2015 Miraval Rosé, Famille Perrin, Côtes de Provence

2015 Miraval Rosé, Famille Perrin, Côtes de Provence

Product: 20151334957
Prices start from £90.00 per case Buying options
2015 Miraval Rosé, Famille Perrin, Côtes de Provence


This could be the perfect Provencal rosé – the palest pink with aromas of wild strawberries, raspberries and a touch of fennel. Red fruit and citrus on the palate, this is perfectly poised between easy drinking for an aperitif but some structure that would cope admirably with a light lunch. This is dangerously drinkable!
Fergus Stewart, Private Account Manager

The latest Miraval Rosé vintage, 2015 surpasses all others in quality. This rosé wine is genuinely good and worth every penny.  Miraval Rosé is the only rosé to have appeared in the Wine Spectator’s Top 100 list of the Best Wines (2013). Jeb Dunnuck of the Wine Advocate called it "a killer rosé.”

Miraval the property and Miraval the wine capture the essence of Provençale charm, the epitome, perhaps, of Matisse’s ‘Luxe, calme et volupté’. The terraced vineyards date from Roman times, as indeed do the surrounding forests, the environment of scrubland (aka garrigue) thyme and olives, providing a most welcome refuge, no doubt, for Hollywood A- listers seeking to brush up their winemaking knowledge. It seems, indeed, that Brad and Angelina are more hands-on than one may have expected, their hands expertly guided around the winery by the Perrin family of Château de Beaucastel fame.

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6 x 75cl bottle
BBX marketplace BBX 2 cases £90.00

Critics reviews

Wine Advocate89/100
Wine Advocate89/100
The juicy, strawberry, underbrush and floral scented 2015 Cotes de Provence Rose is medium-bodied, nicely textured and balanced, with bright, crisp acidity coming through on the finish. It's a classic, beautifully made Ros to enjoy over the coming summer months.
Jeb Dunnuck - 30/05/2016 Read more

About this WINE



Miraval is located close to the ancient town of Correns, just to the north of Brignoles right in the heart of Provence. The property is, if you will forgive the hyperbole, pretty much as close to paradise as it is possible to be, a terraced oasis nestling in the forests and scrub of the Mediterranean.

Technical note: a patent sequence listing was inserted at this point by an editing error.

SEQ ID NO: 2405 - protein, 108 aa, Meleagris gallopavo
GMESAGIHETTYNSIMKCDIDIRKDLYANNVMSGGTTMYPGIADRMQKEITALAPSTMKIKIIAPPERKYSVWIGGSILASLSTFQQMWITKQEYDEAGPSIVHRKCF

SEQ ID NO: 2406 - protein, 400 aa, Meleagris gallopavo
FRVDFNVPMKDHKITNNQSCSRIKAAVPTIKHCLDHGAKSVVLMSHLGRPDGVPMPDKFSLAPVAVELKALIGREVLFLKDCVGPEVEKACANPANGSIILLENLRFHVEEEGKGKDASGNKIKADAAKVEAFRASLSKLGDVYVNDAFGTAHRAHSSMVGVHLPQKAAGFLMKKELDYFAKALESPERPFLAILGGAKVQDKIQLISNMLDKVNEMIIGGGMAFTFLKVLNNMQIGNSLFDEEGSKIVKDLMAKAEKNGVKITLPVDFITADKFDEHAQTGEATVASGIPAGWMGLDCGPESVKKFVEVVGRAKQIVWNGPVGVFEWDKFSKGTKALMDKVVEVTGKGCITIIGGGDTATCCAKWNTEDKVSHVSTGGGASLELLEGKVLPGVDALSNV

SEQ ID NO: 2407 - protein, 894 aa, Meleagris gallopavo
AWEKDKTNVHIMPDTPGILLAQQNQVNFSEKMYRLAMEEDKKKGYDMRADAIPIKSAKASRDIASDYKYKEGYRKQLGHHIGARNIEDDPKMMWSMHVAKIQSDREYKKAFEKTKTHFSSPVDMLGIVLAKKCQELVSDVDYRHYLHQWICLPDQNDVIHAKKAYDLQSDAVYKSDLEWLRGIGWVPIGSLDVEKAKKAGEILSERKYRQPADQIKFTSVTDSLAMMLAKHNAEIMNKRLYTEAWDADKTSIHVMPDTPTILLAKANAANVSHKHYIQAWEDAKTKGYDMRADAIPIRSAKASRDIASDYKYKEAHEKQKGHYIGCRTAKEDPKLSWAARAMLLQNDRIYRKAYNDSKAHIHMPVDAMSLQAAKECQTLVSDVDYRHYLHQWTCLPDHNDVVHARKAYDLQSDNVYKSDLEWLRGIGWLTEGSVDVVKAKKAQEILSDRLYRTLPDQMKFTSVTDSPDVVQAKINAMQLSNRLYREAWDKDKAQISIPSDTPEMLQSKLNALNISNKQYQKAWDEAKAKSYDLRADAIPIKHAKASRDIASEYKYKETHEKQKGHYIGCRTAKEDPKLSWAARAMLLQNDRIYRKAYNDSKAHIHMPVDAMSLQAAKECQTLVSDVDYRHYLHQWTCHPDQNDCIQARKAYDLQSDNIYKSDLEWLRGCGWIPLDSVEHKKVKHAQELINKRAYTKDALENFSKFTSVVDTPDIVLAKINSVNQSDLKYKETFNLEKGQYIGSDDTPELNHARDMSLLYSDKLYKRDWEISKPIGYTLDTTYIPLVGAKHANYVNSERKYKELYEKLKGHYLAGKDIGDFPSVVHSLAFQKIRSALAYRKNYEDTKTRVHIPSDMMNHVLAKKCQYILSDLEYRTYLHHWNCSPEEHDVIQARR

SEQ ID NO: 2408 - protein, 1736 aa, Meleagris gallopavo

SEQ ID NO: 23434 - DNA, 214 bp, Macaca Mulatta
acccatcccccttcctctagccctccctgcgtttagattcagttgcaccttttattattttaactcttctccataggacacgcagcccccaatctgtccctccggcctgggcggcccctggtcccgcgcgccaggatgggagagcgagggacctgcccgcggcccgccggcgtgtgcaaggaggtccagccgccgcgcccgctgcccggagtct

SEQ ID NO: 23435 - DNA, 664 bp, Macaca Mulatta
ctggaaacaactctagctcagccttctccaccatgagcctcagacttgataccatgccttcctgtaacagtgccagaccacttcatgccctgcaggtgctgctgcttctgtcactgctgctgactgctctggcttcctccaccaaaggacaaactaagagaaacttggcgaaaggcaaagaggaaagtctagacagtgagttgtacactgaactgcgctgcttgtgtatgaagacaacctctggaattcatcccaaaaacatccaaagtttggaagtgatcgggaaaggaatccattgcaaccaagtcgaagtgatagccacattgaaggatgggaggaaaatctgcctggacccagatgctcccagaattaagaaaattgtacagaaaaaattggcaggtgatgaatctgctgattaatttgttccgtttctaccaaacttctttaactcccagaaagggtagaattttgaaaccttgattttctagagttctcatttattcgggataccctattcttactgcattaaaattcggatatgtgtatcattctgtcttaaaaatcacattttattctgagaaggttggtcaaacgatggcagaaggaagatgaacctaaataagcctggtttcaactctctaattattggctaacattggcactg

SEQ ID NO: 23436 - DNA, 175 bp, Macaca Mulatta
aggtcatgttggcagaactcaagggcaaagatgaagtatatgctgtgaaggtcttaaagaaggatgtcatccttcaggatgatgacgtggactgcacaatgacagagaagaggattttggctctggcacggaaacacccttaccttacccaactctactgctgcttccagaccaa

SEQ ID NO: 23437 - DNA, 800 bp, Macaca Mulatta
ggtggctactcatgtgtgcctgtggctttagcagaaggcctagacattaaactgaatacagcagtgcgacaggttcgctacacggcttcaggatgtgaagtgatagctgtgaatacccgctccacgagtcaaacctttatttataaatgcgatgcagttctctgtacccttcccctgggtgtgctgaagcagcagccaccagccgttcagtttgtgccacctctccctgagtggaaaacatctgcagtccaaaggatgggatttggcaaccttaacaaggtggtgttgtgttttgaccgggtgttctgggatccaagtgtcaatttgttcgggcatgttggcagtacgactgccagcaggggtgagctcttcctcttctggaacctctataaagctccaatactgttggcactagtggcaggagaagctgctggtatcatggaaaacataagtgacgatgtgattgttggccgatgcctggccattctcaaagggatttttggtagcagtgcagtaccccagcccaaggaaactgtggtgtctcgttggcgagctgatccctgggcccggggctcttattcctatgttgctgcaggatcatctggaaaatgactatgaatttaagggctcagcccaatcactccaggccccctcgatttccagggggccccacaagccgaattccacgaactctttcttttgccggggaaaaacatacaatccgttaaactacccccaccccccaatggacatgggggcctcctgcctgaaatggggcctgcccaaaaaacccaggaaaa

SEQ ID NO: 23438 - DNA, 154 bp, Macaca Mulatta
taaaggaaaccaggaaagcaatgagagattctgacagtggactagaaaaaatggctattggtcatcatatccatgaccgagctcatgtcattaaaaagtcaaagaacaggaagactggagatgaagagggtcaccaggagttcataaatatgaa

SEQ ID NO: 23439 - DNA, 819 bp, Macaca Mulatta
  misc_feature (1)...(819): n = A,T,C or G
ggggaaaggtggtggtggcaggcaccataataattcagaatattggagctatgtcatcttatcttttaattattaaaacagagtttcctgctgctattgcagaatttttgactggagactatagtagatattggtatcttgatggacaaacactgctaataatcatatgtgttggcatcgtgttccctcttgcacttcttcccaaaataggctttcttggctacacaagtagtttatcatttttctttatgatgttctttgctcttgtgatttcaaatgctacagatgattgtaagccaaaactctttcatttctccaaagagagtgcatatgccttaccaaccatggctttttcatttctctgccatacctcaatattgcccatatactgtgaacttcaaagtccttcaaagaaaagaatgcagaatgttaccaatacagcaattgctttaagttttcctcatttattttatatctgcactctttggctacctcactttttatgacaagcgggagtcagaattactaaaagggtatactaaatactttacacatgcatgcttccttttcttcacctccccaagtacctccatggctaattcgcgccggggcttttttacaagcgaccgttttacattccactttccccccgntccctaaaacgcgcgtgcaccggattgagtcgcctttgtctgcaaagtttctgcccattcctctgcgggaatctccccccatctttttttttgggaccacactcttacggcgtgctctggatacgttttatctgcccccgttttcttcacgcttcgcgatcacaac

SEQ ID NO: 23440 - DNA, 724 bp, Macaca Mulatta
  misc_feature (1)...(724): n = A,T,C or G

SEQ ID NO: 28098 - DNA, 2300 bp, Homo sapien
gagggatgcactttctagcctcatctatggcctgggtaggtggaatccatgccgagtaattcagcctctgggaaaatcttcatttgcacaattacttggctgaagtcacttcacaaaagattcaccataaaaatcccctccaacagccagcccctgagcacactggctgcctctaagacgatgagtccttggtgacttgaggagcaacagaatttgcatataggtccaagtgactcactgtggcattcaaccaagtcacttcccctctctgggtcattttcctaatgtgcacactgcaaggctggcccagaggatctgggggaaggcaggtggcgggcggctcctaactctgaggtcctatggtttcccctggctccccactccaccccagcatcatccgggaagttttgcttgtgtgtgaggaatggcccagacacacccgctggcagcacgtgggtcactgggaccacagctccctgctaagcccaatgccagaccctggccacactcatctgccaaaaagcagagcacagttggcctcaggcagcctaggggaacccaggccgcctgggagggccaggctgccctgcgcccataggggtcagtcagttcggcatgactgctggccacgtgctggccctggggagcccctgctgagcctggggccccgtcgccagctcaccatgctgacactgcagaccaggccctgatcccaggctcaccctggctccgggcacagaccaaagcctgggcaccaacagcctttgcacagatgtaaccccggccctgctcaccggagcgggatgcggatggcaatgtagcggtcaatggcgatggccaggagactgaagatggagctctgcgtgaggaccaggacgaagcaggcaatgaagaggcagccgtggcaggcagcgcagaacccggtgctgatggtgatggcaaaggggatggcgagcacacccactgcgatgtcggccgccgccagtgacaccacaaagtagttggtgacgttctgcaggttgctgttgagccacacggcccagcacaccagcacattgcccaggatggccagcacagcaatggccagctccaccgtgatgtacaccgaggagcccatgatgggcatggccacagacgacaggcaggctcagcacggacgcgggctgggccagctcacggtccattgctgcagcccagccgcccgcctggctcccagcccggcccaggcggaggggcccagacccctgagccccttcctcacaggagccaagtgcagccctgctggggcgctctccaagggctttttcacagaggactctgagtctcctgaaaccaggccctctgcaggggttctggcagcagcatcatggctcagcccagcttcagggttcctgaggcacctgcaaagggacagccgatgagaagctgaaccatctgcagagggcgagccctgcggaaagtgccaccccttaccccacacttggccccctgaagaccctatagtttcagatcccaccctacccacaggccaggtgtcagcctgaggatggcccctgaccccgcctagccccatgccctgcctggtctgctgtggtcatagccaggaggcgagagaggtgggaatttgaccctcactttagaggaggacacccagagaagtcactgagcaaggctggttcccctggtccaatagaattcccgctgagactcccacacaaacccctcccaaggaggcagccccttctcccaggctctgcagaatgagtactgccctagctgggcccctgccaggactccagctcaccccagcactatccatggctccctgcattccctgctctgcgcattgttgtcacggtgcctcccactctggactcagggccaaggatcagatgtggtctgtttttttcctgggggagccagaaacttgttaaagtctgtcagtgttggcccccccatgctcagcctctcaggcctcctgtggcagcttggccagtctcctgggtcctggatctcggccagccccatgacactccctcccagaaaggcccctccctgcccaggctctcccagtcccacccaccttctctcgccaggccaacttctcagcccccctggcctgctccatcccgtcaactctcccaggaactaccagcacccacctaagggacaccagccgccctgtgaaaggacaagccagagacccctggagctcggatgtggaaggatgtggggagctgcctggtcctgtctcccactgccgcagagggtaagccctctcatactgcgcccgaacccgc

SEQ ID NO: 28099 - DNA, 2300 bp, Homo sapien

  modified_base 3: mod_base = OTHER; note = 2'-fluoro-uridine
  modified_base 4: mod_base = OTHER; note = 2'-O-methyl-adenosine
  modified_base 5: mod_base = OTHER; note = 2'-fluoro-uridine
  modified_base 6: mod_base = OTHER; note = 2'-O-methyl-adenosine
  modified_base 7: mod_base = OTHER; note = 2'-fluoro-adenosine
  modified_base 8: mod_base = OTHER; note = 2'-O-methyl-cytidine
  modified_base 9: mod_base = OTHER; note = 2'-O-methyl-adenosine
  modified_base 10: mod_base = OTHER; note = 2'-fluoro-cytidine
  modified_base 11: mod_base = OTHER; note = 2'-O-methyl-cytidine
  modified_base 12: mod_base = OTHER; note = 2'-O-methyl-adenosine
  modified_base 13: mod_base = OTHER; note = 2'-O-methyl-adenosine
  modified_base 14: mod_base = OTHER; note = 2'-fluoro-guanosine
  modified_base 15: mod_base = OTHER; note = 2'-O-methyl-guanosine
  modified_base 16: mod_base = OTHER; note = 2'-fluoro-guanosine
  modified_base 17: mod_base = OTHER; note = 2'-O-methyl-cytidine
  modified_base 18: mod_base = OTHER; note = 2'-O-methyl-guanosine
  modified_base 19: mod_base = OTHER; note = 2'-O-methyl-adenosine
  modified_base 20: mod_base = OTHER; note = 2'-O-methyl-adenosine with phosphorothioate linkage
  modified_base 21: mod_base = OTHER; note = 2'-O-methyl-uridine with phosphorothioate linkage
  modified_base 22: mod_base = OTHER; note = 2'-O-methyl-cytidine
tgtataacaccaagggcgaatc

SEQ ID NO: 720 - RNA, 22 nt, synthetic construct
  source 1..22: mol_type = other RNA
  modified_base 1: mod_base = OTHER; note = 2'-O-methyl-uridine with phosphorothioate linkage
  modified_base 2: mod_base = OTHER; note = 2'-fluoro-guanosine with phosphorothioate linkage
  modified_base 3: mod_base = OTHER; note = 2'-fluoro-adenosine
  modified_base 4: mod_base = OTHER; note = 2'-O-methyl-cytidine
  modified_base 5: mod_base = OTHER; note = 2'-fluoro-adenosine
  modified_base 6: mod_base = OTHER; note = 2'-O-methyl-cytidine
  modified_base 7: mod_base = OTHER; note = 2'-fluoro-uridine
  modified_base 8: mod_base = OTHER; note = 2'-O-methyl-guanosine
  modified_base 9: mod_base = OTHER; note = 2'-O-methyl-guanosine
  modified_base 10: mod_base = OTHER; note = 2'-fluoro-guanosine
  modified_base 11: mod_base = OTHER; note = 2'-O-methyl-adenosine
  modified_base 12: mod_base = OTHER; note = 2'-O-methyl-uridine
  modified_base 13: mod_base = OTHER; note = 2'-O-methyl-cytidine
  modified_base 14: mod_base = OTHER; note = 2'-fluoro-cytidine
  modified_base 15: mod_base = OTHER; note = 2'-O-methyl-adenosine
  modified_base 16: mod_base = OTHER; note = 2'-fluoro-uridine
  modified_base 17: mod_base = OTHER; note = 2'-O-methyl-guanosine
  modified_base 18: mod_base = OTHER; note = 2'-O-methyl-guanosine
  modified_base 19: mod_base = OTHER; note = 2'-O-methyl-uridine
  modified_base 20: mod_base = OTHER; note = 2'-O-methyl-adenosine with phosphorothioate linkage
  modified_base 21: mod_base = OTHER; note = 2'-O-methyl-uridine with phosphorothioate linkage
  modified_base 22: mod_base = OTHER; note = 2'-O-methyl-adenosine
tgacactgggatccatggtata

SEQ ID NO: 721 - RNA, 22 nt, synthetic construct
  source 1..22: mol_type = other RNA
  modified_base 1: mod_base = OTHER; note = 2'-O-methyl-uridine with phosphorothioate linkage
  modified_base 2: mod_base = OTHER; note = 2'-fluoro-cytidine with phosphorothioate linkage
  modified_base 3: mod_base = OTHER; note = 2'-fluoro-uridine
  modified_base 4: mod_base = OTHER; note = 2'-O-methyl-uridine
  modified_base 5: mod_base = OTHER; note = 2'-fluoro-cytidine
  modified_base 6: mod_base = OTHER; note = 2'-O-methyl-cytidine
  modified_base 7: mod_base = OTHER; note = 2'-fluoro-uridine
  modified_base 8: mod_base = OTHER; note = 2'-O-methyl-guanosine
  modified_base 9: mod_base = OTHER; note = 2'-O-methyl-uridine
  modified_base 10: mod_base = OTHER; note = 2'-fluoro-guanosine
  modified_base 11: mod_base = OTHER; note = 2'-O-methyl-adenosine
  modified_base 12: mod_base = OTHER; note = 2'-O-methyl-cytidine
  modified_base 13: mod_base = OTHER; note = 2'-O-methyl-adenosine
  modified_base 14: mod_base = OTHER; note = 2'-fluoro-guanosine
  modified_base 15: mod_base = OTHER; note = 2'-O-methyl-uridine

Its history goes some way to explain the magical aura which pervades the valley; located close to the Roman road Via Aurelia, Miraval was the site of a monastery in the Middle Ages, thereafter a refuge for the Bourbon kings. More recently, it has been a peaceful retreat for latter-day troubadours, its recording studio tempting the likes of Sting, Sade and Pink Floyd to record some of their finest work over the years.

Inspiration is clearly not hard to come by here. The latest incumbents are no strangers to fame and fortune; not only is Miraval the summer retreat of Angelina Jolie and Brad Pitt, but it is also the winery where they have launched a joint venture with the Perrin family of the renowned Château de Beaucastel in the Rhône Valley.

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The Roman poet Martial once condemned the wines of Provence’s capital Marseilles as “terrible poisons, and never sold at a good price”. Fortunately, this harrowing proclamation was born of envy.

Quite how long winemaking has been going on in Provence is a matter of historical debate, but it is thought that it dates back as far as the Greek founding of Massilia (now Marseilles) in 600 BC.

Although Rome tried to curtail the production of wine here so as to favour exports of Italian goods throughout the Empire, soldiers retiring from the legions undermined them by privately continuing to grow grapes in this area of France they called Provincia Nostra (‘our province’).

Like other areas in the Mediterranean, Provence has played host to a series of cultures during its history, and each one has added its own touch to the region’s winemaking, particularly in terms of grape varieties. Simply listing some of the grapes found in the province gives a good idea of this variance, as they include Carignan, Cinsault, Grenache (the most planted), Ugni Blanc, Clairette, the indigenous Calitor, Barbaroux, Rolle (Vermentino) and Sémillon, amongst others.

Provence, to the east of Languedoc-Rousillon,is blessed with a Mediterranean climate, entailing warm summers and mild winters. With an annual average of up to 3,000 hours, excessive sun is a concern for many vines. Fortunately the heat is alleviated by the northerly mistral wind, and the risk of fungal diseases is minimal – which makes Provence suitable for organic viticulture.

The region is predominantly known for its rosé wines, which account for over half of Provençal production and are usually dry. The tiny enclave of Cassis stands out as a predominantly white wine region.

Provence’s Appellations d'Origine Contrôlée (AOC) are:  

Vin de pays is also produced throughout the region. 

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Other Varieties

Other Varieties

There are over 200 different grape varieties used in modern wine making (from a total of over 1000). Most lesser known blends and varieties are traditional to specific parts of the world.

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